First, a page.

Blake’s third solo show at the Mission Trails Regional Park Visitor Center Art Gallery. The next art exhibition, “Wild Graces,” features Jodie Hulden, a San Diego artist whose photography focuses on the natural landscape, and Robert Treat, a California painter and photographer whose work is exhibited and collected nationally. The public is cordially invited to a reception in honor of the artists on Sunday, May 31 from 1 to 4 p.m. Linda Hawley’s “Children’s Nature Adventures!” class for children ages 4 and up will meet from 9:30 to 11:30 a.m. on Wednesday, May 26. The theme this time is “Darting Dragonflies & Fluttering Butterflies,” and the cost is $10 per child. Parents and siblings ages 3 and under are free. Shop through Amazon’s AmazonSmile program and Amazon will donate 0.5 percent of the purchase price to the MTRP Foundation at no cost to you or the MTRP Foundation. Go to, select Mission Trails Regional Park Foundation, and every eligible purchase you make at will result in a donation to the MTRP Foundation. You may use your existing Amazon account to participate in the AmazonSmile program. All your settings will remain the same. For more information about any of the programs and special events at Mission Trails, visit our website at

Activities and events at Visitor Center and East Fortuna Staging Area. Visit for maps and more information. Foundation continues to sponsor free concerts on designated Saturdays and Sundays at 3 p.m. The current art exhibition, “The Art of Bird Photography,” sponsored by the MTRP Foundation, features awardwinning nature photographer Blake Shaw. This exhibit is on display in the Visitor Center Art Gallery through May 22. Blake’s bird and nature photography regularly hangs on the walls at the San Diego Natural History Museum in Balboa Park. He is one of 14 photographers chosen for the museum’s 2015 Birds of the World exhibition. This is

—Jay Wilson is Executive Director of the Mission Trails Regional Park Foundation.■


May 15 - June 18, 2015 Mission Times Courier 

Kids Fishing Derby at Lake Murray Saturday, May 30

The Lake Murray Kiwanis Club hosts the annual Kiwanis Kids Fishing Derby for children ages 5 to 15 at Lake Murray (5540 Kiowa Drive) from 7:30 to 11 a.m. The first 100 children to register can participate for free; all others will be asked to pay $2.50. All registered children will be eligible for drawings. Register in advance by calling 619-212-9132, or register on site beginning at 7 a.m. Children are encouraged to bring their own fishing pole and tackle.

Navajo area business networking group meeting Wednesday, June 17

Though the Navajo area neighborhoods don’t have their own chamber of commerce, they do have enough in common to merit their own networking group. A small group of local business people have joined together to start a grassroots group called e-GADS (which serves as an acronym for Grantville, Allied Gardens, Del Cerro and San Carlos). The group’s first meeting will be Sunday, June 17 at 7 a.m. at Troy’s Greek Restaurant, 10450 Friars Road. Anyone is welcome to join. Call Lisa Hamel at 619-961-1957 to RSVP.

Rummage sale to support homeless services Saturday, June 20

St. Andrew’s Lutheran Church, at 8350 Lake Murray

Blvd., hosts an annual rummage sale to support the Third Avenue Charitable Organization (TACO), a nonprofit organization that serves homeless individuals in San Diego. In addition to providing 500 free and nutritious meals each week, TACO also organizes free medical, pharmacy, dental, acupuncture, legal and social work services through local teaching institutions, such as the UC San Diego School of Medicine. These free clinics see 375 clients per week. Volunteers from some 30 local organizations, including St. Andrew’s Lutheran Church, give their time to staff these free. The rummage sale will be open from 7 a.m. to 1 p.m. and will accept cash payments only. For more information, visit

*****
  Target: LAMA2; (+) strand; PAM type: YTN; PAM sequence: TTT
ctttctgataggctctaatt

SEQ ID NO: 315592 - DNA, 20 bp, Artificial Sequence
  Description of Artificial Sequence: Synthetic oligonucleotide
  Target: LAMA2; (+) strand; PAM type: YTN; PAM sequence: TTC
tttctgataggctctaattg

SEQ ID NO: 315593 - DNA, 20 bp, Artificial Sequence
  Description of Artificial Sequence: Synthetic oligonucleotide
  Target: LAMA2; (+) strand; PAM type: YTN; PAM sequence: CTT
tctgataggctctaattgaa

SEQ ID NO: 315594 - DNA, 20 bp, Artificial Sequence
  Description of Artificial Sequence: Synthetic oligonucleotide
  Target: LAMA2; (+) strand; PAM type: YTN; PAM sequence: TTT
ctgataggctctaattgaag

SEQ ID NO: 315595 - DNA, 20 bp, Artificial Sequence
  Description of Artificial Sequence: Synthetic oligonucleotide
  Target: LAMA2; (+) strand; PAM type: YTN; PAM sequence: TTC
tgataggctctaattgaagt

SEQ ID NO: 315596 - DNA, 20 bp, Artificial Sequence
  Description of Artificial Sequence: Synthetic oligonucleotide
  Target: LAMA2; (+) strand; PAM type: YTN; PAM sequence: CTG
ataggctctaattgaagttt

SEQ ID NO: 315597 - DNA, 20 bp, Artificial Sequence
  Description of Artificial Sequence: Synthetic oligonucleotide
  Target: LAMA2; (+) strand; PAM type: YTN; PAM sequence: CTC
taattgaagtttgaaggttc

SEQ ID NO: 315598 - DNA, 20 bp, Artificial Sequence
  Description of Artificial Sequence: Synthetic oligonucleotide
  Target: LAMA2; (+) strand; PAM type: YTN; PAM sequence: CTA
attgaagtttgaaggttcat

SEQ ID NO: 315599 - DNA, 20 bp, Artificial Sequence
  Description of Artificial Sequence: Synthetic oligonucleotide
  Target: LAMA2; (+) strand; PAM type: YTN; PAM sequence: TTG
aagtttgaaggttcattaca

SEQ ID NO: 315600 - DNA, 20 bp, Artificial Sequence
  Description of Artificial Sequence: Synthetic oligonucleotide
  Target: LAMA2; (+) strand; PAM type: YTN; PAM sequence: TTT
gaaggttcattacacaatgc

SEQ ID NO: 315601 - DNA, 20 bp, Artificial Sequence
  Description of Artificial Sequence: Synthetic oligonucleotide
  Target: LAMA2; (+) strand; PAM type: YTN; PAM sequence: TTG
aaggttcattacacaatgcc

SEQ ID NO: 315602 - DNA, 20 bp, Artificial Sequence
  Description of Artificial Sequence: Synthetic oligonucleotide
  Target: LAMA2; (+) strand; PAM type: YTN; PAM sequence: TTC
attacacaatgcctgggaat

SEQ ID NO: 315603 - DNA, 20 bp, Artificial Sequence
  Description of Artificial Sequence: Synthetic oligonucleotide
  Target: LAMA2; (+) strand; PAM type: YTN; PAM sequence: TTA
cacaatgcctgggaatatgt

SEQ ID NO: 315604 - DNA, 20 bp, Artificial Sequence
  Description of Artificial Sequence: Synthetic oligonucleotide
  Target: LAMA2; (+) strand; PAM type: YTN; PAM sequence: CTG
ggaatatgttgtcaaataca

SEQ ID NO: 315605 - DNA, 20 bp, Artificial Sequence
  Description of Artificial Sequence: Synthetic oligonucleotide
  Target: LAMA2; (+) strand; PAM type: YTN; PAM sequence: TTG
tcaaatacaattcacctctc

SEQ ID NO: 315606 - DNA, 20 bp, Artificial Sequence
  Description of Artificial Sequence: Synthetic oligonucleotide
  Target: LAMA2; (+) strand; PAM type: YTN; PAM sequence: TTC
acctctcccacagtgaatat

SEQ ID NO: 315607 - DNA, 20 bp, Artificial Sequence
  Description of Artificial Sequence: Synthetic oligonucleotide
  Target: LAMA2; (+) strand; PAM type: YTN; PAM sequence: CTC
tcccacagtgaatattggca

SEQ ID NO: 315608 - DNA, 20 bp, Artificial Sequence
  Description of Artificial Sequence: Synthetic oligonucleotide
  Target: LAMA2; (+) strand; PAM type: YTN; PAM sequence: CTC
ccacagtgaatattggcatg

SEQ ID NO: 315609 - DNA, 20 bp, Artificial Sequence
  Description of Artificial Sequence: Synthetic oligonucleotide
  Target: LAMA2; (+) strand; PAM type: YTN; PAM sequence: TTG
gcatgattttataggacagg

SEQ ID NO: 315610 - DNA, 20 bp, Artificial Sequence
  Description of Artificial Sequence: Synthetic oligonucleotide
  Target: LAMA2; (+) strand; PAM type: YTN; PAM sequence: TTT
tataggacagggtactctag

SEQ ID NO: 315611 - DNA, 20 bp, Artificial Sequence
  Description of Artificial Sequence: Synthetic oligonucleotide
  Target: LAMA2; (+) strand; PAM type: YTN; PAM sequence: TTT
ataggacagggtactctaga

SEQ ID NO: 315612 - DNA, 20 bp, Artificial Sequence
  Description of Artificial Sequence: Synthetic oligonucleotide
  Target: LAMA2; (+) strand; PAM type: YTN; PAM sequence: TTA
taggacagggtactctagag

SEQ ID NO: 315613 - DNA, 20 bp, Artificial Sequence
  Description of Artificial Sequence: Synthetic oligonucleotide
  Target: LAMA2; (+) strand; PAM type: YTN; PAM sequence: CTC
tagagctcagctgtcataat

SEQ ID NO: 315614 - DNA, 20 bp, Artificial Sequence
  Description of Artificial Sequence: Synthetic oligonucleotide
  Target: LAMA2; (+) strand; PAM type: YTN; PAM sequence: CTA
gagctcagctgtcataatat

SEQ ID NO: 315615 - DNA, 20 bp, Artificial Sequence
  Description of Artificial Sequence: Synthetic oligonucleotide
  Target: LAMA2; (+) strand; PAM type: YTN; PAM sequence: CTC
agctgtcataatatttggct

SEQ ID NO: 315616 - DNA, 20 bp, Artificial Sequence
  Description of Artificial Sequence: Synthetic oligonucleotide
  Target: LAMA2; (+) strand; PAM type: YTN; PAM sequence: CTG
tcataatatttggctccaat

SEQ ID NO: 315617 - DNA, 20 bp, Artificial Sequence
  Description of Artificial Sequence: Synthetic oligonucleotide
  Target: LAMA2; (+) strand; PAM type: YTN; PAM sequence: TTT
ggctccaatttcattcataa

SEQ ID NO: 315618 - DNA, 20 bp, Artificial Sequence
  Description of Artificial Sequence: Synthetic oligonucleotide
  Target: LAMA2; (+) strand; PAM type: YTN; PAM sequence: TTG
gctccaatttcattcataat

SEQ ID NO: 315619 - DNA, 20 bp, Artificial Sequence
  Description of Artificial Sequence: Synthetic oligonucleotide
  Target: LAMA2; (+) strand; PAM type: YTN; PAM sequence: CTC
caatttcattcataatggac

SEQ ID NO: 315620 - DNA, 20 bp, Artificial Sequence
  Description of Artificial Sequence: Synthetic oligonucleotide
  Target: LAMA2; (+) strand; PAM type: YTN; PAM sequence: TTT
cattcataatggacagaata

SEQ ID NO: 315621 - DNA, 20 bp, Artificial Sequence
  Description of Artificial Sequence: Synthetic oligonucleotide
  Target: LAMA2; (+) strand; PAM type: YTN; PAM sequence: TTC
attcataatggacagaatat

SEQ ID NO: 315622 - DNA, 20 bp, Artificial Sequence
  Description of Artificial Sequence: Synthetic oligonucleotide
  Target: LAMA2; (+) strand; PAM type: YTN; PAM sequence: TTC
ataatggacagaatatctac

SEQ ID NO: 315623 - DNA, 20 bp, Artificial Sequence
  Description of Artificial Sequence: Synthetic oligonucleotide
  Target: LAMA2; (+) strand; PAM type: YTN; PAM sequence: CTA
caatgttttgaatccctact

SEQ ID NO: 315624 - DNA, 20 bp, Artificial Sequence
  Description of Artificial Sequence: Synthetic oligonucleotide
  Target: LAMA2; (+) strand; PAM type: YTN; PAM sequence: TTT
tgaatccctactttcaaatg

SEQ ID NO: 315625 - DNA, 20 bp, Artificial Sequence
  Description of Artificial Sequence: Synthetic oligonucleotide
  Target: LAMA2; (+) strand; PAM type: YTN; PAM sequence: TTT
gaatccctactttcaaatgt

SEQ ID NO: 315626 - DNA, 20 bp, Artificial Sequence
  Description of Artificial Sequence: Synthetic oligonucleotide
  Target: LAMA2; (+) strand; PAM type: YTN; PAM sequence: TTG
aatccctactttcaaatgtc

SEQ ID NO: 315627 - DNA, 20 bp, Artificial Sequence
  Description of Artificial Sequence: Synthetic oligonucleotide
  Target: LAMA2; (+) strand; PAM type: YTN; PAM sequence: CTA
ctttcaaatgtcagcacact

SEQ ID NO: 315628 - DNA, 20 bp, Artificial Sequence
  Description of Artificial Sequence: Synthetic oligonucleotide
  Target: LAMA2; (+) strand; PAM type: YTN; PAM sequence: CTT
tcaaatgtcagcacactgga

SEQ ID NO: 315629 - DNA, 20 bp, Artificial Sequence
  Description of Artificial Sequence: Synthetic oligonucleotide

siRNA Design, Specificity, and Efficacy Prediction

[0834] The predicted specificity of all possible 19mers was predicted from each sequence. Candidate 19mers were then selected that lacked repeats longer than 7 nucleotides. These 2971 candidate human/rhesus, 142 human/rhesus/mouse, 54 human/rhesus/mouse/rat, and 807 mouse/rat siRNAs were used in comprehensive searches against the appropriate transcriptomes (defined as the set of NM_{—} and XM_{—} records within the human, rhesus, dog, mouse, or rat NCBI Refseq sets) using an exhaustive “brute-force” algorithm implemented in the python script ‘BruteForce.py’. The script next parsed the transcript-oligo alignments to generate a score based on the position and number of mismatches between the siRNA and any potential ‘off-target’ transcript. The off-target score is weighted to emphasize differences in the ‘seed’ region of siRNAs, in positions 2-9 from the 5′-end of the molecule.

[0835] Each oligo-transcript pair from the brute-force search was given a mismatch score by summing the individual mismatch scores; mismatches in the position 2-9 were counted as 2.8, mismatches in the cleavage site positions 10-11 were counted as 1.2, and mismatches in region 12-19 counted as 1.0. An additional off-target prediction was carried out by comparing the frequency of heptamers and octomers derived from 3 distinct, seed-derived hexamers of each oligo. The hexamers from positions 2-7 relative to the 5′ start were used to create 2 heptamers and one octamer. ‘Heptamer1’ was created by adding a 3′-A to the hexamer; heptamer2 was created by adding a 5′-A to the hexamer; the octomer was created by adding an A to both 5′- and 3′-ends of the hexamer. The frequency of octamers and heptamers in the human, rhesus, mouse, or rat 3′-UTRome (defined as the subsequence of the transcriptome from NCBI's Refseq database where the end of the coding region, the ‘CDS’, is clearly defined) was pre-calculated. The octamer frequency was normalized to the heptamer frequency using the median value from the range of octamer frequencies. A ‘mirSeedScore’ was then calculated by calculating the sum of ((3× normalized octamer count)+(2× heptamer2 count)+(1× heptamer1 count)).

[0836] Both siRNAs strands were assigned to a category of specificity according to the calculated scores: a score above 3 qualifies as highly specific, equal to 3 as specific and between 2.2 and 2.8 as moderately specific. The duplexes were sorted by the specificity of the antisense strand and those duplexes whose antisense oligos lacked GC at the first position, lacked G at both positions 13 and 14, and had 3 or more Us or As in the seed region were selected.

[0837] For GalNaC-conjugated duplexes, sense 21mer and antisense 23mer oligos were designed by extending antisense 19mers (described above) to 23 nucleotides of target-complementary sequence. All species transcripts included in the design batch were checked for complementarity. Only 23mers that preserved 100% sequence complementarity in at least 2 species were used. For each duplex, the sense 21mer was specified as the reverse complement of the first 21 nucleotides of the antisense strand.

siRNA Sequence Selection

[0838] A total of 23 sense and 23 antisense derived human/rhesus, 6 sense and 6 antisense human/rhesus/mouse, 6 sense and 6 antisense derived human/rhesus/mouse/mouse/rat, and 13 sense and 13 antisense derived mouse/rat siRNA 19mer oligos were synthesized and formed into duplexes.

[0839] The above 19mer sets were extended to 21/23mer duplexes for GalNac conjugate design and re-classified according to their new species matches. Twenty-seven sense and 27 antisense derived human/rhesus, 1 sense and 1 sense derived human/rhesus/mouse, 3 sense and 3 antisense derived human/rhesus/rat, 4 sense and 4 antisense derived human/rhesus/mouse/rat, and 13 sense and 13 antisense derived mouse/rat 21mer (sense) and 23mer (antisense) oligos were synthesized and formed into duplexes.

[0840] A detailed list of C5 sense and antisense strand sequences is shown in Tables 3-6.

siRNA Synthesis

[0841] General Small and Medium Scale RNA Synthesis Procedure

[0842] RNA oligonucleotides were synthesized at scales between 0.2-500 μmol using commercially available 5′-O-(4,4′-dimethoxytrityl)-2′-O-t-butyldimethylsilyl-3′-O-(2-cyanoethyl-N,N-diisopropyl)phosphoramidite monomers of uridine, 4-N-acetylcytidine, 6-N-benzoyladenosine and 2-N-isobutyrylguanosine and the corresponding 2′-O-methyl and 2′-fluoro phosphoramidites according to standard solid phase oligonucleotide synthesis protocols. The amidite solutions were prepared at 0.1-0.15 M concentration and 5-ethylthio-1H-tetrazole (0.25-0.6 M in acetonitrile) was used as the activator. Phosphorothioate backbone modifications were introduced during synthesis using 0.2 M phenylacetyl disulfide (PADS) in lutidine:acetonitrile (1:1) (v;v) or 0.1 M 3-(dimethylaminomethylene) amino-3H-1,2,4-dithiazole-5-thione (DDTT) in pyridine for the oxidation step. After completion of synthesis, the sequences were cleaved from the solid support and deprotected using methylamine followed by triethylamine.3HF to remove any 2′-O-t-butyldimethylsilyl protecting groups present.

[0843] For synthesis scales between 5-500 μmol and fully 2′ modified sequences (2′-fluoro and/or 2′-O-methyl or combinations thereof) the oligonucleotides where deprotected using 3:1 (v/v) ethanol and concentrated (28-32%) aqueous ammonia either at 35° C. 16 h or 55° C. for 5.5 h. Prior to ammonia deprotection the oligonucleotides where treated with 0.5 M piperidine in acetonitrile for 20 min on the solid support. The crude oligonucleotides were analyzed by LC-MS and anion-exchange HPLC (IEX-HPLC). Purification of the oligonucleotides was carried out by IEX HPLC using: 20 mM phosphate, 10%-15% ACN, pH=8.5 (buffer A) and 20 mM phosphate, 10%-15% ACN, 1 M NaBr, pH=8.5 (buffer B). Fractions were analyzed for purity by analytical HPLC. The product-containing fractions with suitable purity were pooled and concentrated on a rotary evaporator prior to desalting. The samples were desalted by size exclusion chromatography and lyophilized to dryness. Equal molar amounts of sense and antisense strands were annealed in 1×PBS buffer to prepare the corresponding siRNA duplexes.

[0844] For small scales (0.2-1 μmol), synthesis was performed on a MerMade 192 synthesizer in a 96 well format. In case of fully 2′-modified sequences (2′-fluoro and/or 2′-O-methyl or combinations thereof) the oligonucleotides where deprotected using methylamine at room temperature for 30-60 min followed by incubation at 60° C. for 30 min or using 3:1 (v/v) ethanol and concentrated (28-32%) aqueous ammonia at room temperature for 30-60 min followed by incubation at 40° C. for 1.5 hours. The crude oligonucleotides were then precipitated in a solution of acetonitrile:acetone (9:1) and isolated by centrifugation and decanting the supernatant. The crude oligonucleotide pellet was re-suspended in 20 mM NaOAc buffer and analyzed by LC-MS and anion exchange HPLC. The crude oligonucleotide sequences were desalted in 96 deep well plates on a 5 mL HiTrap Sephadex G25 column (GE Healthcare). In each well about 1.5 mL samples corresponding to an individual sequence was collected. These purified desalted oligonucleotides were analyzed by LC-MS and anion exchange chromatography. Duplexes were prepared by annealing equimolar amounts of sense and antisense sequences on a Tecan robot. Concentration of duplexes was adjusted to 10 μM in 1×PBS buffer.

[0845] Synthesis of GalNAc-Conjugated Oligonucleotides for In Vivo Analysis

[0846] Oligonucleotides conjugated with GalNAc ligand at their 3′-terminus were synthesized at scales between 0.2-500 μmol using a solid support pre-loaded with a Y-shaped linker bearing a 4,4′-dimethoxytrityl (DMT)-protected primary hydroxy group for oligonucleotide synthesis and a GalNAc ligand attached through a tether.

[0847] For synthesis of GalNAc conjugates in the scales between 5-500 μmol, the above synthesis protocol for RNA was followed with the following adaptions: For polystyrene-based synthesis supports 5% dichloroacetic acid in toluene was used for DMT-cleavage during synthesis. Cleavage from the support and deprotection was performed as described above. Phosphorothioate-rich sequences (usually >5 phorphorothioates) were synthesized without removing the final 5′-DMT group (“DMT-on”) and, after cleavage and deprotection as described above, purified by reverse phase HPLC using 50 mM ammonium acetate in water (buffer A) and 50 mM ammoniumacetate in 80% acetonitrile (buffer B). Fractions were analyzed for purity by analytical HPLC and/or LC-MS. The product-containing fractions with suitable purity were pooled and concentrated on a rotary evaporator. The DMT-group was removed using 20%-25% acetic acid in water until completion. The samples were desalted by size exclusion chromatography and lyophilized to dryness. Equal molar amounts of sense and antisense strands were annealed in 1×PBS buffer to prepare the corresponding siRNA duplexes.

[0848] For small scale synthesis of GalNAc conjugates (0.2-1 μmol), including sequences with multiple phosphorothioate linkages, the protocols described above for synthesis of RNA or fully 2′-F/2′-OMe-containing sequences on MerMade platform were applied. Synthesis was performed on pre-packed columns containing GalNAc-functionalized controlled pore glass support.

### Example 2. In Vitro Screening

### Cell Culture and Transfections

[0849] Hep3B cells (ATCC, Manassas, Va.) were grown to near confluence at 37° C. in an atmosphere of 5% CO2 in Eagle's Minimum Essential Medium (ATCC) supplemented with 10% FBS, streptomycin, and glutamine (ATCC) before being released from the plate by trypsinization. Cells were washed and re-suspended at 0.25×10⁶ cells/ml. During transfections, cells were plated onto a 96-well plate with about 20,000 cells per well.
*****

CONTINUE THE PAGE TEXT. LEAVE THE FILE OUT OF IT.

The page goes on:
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The San Diego Choraleers, a mixed chorus of older citizens, will present their spring concert featuring music from The Beatles and excerpts from the musical “Grease.” The nonprofit singing group has been around since 1967. Sponsored by the San Diego Community College District’s Continuing Education program, the Choraleers are currently under the direction of S. Esther Segal. The concert will begin at 2 p.m. at Lewis Middle School, 5170 Greenbrier Ave. Tickets can be purchased at the door or in advance by calling Joan Mabrey at 619-501-7298.

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Mission Times Courier May 15 - June 18, 2015


Navy leader in energy, environmental issues at Democratic Club meeting Linda

Jazz Fridays: “Jazz at the Cosmo” at The Cosmopolitan Restaurant and Hotel. Free. 6:30 p.m. 2660 Calhoun St., Old Town. Charlie Arbelaez Trio at The Rook. Free. 9 p.m. 7745 University Ave., La Mesa. Saturdays: Jazz with George and Alan at Bistro Sixty. Free. 6:30 – 9:30 p.m. 5987 El Cajon Blvd., College Area. Douglas Kvandal with the LiveJazz! Quartet at the Amigo Spot at Kings Inn. Free. 7 p.m. 1333 Hotel Circle South, Mission Valley.

Pop Tuesdays: Suzanne Shea and Bob Wade at Bistro Sixty. Free. 6:30 – 8:30 p.m. 5987 El Cajon Blvd., College Area. Fridays: Nathan Welden at Bistro Sixty. Free. 6:30 p.m. 5987 El Cajon Blvd., College Area. May 23: The Baja Bugs at Pal Joey’s. Free. 9 p.m. 5147 Waring Road, Allied Gardens.

Classical May 16: The Pacificaires and Cedar Center Chorus of San Diego Community College at College Avenue Baptist Church. Free. 2 p.m. 4747 College Ave., College Area. Pacificaires. May 16: Youth Chamber Music Concert at The Scripps Research Institute. $55. 7:30 p.m. 10550 North Torrey Pines Road, La Jolla. May 17: Mary Lu Brandwein playing shakuhachi flutes at Mission Trails Regional Park Visitor Center Auditorium. Free. 3 – 4 p.m. 1 Father Junipero Serra Trail, San Carlos. June 7 & June 9: Tifereth Israel Community Orchestra perfoming “Two Towering Masterpieces” at Tifereth Israel Synagogue. $20. Sunday at 3 p.m., Tuesday at 7:30 p.m. 6660 Cowles Mountain Blvd., San Carlos.